Dawgs came out ‘scratching and clawing’ against Kentucky in SEC East battle, Smart says
In 2019, for the first time in the 21st century, the Kentucky Wildcats will open a college football season without a decade-plus losing streak to a conference opponent hanging over their heads.
Last year, Mark Stoops, Benny Snell, Josh Allen and Co. ended the last of what had been three long losing streaks that did much to damage the perception of UK football.
With Snell running for 175 yards and Allen forcing a game-clinching fumble, Stoops coached Kentucky to a 27-16 victory at Florida. To the ever-lasting relief of The Long-Suffering UK Football Fan, the victory snapped a 31-game losing skid against the Gators.
There will always be a special place in Wildcats sports lore for the wins that ended “the Kentucky ugly streaks.”
In 2010, Randall Cobb and Mike Hartline drove a stake into the first such streak when Coach Joker Phillips and the Cats upset No. 10 South Carolina 31-28. Until that night, UK had lost all 17 games it had played against teams coached by Steve Spurrier.
The following season, forced by injuries to play wide receiver Matt Roark at quarterback, Phillips and Kentucky snapped a 26-game losing skid against Tennessee with an improbable 10-7 win at Commonwealth Stadium.
With all three of those embarrassing streaks at last dead and buried, one could not blame UK supporters for feeling a certain disorientation, albeit a happy one, as the 2019 season dawns.
Alas, there seems to be a new SEC “bogeyman” emerging to torment UK.
Kentucky enters 2019 having lost nine straight games to Georgia.
For all the good work Stoops has done at UK, the Kentucky head man is 0-6 against the Bulldogs.
Under Stoops, UK’s other five losing margins against Georgia have been 42, 32, 24, 29 and 17 points.
The 34-17 loss to Georgia last season at Kroger Field was the most hurtful, of course. It came in a game that decided the 2018 SEC East Division title and denied the Wildcats their first trip ever to the SEC Championship Game.
Kentucky has not always had such a rough time opposite Georgia.
Over his final four games against the Dawgs (2006-09), Rich Brooks went 2-2, defeating the Bulldogs in Lexington in 2006 (24-20) and again in Athens in 2009 (34-27).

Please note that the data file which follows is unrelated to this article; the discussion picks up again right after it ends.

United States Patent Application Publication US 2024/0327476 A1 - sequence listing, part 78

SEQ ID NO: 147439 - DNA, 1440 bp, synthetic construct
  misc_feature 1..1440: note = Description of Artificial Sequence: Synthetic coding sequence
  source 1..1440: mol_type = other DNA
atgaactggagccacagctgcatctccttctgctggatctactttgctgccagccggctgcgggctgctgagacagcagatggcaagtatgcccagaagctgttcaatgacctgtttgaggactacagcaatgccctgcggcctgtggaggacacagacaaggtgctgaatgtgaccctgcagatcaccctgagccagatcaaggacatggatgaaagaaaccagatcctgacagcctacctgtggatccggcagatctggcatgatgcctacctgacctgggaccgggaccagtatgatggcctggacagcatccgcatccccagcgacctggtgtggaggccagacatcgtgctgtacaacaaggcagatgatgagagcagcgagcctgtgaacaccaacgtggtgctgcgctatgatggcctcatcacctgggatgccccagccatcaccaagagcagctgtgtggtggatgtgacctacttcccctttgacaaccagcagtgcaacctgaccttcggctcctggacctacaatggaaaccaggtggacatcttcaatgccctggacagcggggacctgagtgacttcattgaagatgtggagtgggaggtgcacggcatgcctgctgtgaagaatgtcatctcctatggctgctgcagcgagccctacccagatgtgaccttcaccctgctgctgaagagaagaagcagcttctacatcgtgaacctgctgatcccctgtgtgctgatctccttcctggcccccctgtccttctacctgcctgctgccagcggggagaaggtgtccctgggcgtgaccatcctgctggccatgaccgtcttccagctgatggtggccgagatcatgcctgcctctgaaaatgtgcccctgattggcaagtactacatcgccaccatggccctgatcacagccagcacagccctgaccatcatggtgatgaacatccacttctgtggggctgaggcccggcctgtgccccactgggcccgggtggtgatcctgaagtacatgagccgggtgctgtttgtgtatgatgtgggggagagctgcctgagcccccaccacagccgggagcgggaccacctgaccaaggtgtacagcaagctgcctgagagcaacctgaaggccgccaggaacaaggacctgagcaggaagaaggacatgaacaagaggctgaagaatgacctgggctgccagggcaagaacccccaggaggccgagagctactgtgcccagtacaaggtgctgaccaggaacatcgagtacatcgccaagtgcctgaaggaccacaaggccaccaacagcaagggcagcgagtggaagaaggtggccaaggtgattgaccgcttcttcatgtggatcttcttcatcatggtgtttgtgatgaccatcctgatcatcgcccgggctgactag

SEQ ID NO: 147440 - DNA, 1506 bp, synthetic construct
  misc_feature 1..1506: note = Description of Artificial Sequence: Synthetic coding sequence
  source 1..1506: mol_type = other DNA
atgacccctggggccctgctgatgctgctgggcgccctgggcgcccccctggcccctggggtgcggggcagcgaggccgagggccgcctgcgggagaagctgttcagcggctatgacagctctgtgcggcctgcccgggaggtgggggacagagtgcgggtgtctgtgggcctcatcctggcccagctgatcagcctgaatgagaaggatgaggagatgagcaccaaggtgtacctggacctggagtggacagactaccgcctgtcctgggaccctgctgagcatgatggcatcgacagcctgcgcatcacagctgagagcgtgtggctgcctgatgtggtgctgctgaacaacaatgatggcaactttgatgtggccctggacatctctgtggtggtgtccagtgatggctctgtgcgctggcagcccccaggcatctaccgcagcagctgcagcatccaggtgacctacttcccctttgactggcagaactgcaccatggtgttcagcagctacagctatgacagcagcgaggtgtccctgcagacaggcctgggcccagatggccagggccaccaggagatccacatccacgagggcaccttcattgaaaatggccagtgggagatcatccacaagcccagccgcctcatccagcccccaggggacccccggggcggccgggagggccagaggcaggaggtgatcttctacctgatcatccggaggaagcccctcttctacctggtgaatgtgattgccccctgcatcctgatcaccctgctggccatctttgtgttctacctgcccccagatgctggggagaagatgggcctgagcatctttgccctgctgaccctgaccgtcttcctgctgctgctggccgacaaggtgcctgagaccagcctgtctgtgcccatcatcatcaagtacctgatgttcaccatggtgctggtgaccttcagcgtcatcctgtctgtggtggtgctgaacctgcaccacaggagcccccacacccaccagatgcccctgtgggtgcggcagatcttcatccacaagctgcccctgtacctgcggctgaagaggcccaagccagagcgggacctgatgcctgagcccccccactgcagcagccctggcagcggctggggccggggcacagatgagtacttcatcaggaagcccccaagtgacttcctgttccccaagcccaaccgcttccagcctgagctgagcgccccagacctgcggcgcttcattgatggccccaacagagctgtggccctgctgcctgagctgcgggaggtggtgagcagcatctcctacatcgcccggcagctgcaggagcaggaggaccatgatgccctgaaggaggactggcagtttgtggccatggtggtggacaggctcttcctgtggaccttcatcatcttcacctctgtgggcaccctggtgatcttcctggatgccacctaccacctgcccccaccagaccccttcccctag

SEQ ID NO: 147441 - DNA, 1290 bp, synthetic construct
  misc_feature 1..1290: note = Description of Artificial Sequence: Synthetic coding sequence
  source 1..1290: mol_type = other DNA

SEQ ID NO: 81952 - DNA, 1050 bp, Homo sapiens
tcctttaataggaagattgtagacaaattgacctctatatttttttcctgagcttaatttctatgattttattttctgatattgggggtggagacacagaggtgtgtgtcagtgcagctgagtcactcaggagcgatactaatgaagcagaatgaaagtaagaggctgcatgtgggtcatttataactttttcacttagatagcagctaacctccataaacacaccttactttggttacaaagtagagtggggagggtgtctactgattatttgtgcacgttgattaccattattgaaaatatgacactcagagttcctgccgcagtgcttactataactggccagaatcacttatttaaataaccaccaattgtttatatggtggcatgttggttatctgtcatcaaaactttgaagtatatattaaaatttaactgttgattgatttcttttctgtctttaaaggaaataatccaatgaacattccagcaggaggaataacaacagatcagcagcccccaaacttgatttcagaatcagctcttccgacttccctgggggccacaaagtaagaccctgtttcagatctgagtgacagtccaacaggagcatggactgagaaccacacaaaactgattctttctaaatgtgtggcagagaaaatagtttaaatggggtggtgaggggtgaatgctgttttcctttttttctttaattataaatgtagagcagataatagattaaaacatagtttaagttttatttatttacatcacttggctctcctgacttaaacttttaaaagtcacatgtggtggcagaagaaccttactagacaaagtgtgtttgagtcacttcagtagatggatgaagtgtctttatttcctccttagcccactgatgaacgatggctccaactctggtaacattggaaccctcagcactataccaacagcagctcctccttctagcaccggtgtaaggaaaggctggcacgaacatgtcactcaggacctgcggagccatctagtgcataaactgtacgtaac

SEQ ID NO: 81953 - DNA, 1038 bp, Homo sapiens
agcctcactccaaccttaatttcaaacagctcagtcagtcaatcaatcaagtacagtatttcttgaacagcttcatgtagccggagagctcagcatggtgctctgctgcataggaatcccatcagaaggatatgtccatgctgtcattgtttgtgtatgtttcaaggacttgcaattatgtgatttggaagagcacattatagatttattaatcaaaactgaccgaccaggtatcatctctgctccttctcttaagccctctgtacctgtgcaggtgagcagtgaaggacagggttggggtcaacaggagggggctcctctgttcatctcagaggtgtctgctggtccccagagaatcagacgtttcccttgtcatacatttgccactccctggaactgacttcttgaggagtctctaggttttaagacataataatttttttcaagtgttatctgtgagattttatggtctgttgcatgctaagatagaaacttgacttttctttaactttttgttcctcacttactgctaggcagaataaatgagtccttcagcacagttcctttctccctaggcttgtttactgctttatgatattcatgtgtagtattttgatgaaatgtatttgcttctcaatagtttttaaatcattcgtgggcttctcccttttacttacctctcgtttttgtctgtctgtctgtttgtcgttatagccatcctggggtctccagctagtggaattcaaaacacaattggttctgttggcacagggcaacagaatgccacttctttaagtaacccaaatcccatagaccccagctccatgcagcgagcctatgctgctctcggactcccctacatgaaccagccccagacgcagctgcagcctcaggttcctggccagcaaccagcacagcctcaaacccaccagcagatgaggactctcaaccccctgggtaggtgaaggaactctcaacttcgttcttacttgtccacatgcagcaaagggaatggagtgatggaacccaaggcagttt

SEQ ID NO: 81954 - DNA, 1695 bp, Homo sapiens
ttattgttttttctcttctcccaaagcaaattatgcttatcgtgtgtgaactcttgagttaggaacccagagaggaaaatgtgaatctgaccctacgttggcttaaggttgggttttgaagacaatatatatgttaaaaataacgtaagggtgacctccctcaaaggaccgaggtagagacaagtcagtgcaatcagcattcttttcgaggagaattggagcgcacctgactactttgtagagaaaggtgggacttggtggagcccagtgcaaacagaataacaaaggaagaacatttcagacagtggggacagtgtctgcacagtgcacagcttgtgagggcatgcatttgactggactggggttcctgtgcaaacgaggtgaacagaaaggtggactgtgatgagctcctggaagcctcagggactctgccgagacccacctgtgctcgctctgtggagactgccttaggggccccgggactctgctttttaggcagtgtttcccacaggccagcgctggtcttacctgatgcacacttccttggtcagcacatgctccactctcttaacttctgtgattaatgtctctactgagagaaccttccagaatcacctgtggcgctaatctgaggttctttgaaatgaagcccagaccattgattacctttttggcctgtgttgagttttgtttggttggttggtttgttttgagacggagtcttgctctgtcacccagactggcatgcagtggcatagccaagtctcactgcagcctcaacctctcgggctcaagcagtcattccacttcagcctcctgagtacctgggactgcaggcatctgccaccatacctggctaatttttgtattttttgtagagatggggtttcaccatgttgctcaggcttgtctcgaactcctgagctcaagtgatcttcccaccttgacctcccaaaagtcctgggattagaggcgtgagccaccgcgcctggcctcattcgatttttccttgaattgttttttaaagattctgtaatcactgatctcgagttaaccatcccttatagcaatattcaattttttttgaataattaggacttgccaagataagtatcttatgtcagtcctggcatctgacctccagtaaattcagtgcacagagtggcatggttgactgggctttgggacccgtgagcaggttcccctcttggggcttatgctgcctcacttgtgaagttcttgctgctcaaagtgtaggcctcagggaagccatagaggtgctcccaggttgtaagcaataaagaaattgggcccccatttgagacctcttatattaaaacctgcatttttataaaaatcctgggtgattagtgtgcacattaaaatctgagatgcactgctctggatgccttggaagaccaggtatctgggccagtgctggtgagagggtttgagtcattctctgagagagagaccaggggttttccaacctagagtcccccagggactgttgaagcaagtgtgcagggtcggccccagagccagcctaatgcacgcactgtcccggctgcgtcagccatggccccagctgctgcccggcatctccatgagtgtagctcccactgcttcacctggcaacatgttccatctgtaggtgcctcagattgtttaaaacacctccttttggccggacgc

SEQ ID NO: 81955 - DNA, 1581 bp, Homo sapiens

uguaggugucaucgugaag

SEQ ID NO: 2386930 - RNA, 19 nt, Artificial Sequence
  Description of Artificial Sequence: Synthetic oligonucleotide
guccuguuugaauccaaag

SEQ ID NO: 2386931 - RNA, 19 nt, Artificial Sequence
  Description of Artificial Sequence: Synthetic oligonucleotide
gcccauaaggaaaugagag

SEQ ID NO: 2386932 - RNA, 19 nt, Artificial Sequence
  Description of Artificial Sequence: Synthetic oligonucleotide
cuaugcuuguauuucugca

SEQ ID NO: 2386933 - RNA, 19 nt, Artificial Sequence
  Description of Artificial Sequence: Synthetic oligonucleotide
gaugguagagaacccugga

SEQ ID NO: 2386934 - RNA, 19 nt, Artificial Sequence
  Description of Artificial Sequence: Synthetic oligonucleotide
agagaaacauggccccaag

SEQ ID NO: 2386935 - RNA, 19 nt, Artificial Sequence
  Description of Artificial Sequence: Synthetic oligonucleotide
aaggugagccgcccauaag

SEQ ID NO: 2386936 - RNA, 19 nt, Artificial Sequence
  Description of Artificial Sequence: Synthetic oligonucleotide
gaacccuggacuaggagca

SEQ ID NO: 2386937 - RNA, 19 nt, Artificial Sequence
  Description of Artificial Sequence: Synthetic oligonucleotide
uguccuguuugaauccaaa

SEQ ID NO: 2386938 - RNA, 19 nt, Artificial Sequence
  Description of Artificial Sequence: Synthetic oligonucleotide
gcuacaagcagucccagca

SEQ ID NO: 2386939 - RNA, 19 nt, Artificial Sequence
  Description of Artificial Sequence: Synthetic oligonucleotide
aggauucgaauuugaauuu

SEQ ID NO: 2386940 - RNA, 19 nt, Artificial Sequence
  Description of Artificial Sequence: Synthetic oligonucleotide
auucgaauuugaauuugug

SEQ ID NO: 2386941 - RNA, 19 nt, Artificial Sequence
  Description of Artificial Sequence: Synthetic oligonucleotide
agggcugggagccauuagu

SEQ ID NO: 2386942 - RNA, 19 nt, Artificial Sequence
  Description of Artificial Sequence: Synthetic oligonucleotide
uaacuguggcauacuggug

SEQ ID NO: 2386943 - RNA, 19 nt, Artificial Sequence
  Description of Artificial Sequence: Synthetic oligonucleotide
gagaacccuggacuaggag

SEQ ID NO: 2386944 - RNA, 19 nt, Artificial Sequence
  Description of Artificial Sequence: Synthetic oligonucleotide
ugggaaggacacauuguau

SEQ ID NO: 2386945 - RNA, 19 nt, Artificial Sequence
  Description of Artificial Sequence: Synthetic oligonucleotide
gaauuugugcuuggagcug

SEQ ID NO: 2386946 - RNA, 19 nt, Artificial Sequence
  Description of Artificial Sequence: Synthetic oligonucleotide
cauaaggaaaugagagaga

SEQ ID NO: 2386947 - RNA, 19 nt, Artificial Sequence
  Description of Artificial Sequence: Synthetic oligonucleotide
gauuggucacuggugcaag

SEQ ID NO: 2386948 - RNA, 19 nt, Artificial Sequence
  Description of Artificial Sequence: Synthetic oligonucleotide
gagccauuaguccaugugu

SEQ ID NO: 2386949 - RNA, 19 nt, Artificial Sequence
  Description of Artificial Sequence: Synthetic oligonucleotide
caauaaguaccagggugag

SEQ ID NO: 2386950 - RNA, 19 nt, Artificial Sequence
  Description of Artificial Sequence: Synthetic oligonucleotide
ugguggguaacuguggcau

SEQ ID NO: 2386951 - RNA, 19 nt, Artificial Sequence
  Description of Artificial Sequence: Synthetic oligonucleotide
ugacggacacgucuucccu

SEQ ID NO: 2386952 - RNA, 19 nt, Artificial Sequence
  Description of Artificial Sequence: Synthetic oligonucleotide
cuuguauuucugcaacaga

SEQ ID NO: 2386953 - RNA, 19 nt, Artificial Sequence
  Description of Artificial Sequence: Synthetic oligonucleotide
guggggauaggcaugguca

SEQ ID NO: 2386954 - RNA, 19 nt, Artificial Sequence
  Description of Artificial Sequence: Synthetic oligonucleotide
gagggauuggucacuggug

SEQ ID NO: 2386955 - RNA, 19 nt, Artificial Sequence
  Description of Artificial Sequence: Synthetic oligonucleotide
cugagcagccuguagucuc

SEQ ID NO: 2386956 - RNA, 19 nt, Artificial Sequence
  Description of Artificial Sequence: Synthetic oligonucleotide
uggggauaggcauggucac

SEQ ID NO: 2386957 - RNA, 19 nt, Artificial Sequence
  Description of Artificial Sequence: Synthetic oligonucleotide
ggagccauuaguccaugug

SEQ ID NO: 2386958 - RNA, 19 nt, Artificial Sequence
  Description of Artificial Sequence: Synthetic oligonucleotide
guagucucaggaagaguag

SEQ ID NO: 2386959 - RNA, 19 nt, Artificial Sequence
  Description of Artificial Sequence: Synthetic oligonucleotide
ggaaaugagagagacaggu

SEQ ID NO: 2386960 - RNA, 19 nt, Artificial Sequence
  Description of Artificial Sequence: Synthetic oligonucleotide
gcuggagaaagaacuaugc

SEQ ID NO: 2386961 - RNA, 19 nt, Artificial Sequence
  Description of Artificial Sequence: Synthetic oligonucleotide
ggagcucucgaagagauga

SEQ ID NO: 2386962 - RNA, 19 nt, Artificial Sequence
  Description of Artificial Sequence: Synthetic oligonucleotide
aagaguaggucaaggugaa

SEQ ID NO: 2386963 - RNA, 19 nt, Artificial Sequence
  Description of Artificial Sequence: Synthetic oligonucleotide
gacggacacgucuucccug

Phillips never bested Georgia in his three seasons (2010-12) as top Cat. But under Joker, UK played the Bulldogs relatively close, losing by 13, nine and five points, respectively.
It has become an oft-repeated football coaching cliche that “you don’t want to let one team beat you twice” in a season.
In the Stoops era, not only is Kentucky 0-6 against Georgia, the Wildcats are also 0-6 in the game that has followed the Bulldogs on the Wildcats’ schedules.
Since 2013, Kentucky has lost to Tennessee four times, and to Vanderbilt and Louisville once each in the contest after Georgia.
Missouri — a team that Kentucky has beaten four years straight — gets the coveted “week after Georgia” slot on the 2019 UK schedule.
This fall, UK will travel to Athens to face Smart’s Bulldogs on Oct. 19. It will be the first time since 2012 that the Cats and Dawgs have played earlier than the month of November.
According to various media reports from the Peach state, UK will encounter a stirred foe at Sanford Stadium. If those stories are to be believed, there are hard feelings at Georgia over Kentucky offensive coordinator Eddie Gran turning down an offseason opportunity to join Smart’s staff.
Under Smart, a former Georgia safety and a longtime Nick Saban assistant, the Bulldogs have won 24 games over the past two seasons.
Smart came achingly close to winning the national championship for 2017 but Georgia was denied in overtime of the College Football Playoffs title game by Alabama.
Given the robust in-state recruiting profile of the state of Georgia, Smart has every opportunity to keep the Bulldogs in perennial contention for the national title.
For Kentucky, there do not figure to be many easy shots at victories over Georgia in the immediate future.
Still, now that UK has finally emerged from all three of the decade-plus losing streaks — Florida, Tennessee, Spurrier — that were like anvils weighing down Wildcats football, you do not want to see another such skid take root.
It would be another Kentucky legacy boost for Stoops if he can prevent Georgia from subjecting the next generation of UK football fans to another unnaturally long losing skid against a conference foe.